BWW Reviews: FENCES at Long Wharf Theatre

Phylicia Rash­ad, who directed the definitive version of Lorraine Hansbury's A Raisin in the Sun last year at the Westport Country Playhouse, has set a new standard for August Wilson's plays with her direction of Fences. Wilson's plays have vivid dialogue, but many productions tend to rely on one charismatic performer and the other actors have to pray to be noticed. Rash­ad tells Wilson's story, Fences, as an ensemble piece at the Long Wharf Theatre. What a brilliant concept! Why didn't anyone else think of this before?

Set in the Hill district of Pittsburgh in 1957, the play revolves around Troy Maxon (Esau Pritchett), a former gifted baseball player. His wife, Rose (Portia) recalled, "When your daddy walked through the house he was so big he filled it up. That was my first mistake. Not to make him leave room for me." Maxon, well, maximizes complexity. By the time the race barriers in professional baseball were broken, he was too old to play. He also had a stint in jail. Now he works as a garbage man. And, yes, he is bitter about his life. He is also illiterate, but street savvy and ruthless enough to sign papers that give him the money intended for his brother, Gabriel (G. Alverez Reid), who was wounded in World War II. Then there are the strained relationships he has with his sons, Lyons (Jared McNeill), a would-be entertainer, and Cory (Chris Myers), who is good enough at high school football to attract the attention of a scout. The only ones he doesn't have conflicts with are his friend, Jim Bono (Phil McGlaston) and his young daughter, Raynell (Taylor Dior), who was conceived when he cheated on Rose.

Troy promised Rose he would build a fence around their house. The fence is erected in parts during the play, and takes on more meaning with each of Troy's conflicts and demons. At one point, Bono remarks that some fences are put up to keep people out and some are put up to keep people in. Troy had no breaks in life. He recalled that when he left his abusive father as a teenager, he realized that the world outside was huge, and he had to find a way to manage it. This brief revelation reverberated in the collaborative effort of Rash­ad and set designer John Iacovelli. Parts of the interior of the house are visible when Rose is inside, not privy to some of Troy's conversations, and even after Troy's death when Lyons is alone inside while his half-brother is outside. This is very effective, both visually and emotionally. There is also a garden - mostly dust - which symbolizes Troy's failures.

August Wilson explained, "I once wrote a short story called 'The Best Blues Singer in the World' and it went like this: 'The streets that Balboa walked were his own private ocean, and Balboa was drowning.' End of story. That says it all. Nothing else to say. I've been rewriting that same story over and over again. All my plays are rewriting that same story. I'm not sure what it means, other than life is hard."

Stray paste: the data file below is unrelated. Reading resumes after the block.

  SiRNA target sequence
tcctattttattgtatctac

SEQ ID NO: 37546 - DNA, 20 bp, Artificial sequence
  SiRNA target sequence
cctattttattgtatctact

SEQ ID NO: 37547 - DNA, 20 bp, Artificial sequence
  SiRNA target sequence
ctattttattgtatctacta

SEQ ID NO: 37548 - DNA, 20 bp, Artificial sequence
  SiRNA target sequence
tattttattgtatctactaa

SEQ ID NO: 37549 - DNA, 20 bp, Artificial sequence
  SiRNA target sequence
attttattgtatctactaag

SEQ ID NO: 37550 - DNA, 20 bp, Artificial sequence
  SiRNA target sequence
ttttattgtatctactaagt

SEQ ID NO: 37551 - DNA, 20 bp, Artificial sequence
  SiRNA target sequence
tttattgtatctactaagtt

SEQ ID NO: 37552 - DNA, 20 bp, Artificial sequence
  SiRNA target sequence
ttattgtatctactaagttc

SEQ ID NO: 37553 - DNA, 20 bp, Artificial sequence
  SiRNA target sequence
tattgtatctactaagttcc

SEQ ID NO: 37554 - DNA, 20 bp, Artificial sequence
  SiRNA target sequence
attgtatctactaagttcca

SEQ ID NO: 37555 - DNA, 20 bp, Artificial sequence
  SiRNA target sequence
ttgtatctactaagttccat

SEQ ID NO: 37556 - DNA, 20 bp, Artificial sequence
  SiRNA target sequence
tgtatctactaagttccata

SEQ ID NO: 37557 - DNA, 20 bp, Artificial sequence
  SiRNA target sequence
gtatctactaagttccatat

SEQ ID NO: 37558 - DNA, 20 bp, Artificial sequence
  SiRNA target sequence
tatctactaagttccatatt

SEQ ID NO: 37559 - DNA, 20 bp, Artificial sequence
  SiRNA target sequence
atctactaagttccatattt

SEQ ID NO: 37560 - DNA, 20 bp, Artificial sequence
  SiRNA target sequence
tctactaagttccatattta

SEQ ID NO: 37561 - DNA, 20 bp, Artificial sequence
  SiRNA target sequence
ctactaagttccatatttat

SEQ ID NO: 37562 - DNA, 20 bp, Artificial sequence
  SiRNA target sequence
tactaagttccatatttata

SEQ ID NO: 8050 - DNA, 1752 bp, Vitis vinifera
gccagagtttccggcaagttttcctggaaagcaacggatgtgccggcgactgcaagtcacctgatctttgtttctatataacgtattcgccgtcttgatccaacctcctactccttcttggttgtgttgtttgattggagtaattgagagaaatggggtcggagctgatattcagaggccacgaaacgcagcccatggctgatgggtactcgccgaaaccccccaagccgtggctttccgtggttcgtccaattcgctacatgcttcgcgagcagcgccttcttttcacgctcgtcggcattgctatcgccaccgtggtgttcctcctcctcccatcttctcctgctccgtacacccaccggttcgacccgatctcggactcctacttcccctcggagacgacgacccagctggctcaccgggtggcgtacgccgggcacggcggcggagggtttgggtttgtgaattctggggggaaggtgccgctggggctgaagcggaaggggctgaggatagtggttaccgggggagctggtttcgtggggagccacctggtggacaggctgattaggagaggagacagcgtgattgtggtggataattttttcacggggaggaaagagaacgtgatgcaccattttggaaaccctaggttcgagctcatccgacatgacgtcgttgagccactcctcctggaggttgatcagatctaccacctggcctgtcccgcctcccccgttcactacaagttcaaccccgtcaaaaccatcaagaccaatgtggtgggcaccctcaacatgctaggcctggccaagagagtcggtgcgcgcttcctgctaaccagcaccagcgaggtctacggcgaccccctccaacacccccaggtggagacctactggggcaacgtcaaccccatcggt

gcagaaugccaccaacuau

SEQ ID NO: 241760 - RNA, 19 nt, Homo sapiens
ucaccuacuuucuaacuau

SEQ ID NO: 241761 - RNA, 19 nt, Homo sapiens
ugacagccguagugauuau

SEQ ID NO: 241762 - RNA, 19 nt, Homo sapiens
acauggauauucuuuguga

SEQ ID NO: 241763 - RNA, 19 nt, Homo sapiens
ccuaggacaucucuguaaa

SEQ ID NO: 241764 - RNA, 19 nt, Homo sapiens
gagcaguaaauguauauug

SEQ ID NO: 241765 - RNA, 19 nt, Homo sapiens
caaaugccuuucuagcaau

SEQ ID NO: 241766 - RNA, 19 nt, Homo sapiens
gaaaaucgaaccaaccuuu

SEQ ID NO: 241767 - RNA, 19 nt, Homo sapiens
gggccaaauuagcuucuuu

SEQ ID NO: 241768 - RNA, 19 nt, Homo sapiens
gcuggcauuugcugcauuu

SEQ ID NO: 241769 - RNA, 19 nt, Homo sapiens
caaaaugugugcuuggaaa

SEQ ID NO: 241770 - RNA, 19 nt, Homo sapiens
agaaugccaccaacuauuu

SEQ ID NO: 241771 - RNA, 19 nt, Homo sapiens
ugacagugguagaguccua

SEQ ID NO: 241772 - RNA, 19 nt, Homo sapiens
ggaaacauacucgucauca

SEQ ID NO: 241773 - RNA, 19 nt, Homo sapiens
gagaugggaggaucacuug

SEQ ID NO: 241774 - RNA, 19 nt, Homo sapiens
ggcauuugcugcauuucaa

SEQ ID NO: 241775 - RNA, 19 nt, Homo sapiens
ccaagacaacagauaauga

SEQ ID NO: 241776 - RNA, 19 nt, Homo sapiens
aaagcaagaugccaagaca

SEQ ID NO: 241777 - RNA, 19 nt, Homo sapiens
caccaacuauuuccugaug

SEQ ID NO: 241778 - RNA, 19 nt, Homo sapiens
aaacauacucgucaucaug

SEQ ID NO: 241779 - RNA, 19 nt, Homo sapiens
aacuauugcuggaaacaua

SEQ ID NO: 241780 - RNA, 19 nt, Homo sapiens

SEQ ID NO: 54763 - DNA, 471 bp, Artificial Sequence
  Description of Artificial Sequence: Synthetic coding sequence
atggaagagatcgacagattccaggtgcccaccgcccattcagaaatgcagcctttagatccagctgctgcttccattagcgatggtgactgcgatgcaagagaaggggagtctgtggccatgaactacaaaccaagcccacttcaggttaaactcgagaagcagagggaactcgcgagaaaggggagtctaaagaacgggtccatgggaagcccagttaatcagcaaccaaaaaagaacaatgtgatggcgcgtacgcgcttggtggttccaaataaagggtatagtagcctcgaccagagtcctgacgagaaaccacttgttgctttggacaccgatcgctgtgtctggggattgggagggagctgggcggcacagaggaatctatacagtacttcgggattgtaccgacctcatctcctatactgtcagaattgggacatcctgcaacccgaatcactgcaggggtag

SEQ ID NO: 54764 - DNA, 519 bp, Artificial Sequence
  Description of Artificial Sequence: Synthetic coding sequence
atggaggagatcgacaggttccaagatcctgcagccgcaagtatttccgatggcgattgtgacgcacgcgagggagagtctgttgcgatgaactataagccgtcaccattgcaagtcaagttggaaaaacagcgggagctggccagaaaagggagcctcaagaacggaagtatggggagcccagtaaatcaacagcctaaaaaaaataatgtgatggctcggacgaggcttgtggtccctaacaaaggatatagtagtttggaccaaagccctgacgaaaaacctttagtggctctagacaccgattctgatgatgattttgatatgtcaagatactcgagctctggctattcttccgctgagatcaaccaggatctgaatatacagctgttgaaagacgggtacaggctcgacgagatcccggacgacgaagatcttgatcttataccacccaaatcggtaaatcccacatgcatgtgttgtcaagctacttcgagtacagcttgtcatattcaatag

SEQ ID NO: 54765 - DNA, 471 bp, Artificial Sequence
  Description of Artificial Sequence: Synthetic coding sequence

And so is giving new vigor to a play, even one as powerful as Fences. Rash­ad's vision made all the characters stronger and more memorable. The casting was flawless. Portia was totally credible as a woman who "planted" herself in her husband's life, only to realize that it was "hard and rocky" and that "when he touched he bruised." McNeill was charming as Lyons and Myers believable as a teenager who wants to love and respect his difficult father. Dior is a delight as Raynell. McGlaston is warm, wise and personable as Troy's friend. Reid is moving as Gabriel, the former soldier who had only gentleness in his soul. Pritchett is formidable as the complicated Troy - intimidating yet touching as he tries to control his world, accept his defeats and fight death.

Fences runs through December 22. Postpone your holiday shopping if you must, but don't miss this production of Fences. It's not just because of the brilliant cast and director. The intimacy of the Long Wharf stage adds so much to the theatregoer's experience, especially in a play such as Fences. Here's a gift-giving idea. Give your family and closest friends an early Christmas present - tickets to this marvelous play.

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Sherry Shameer Cohen Sherry Shameer Cohen is an award winning parachute journalist and blogger who is always looking for more challenging work. Her articles and photos have appeared in Connecticut Magazine, Greenwich Magazine, Stamford Plus, The Advocate, Greenwich Time, The Minuteman, Connecticut Jewish Ledger, The Jewish Chronicle, The Jewish Press, The New Jewish Voice, and various daytime magazines. She has stage managed, designed flyers, programs and props for community theatre and reviewed theatre for the Connecticut Jewish Ledger, Theater Inform and New England Entertainment Digest. She lives in Connecticut with her husband, Ken, and her two little drama kings, Alexander Seth Cohen and Jonathan Ross Cohen.

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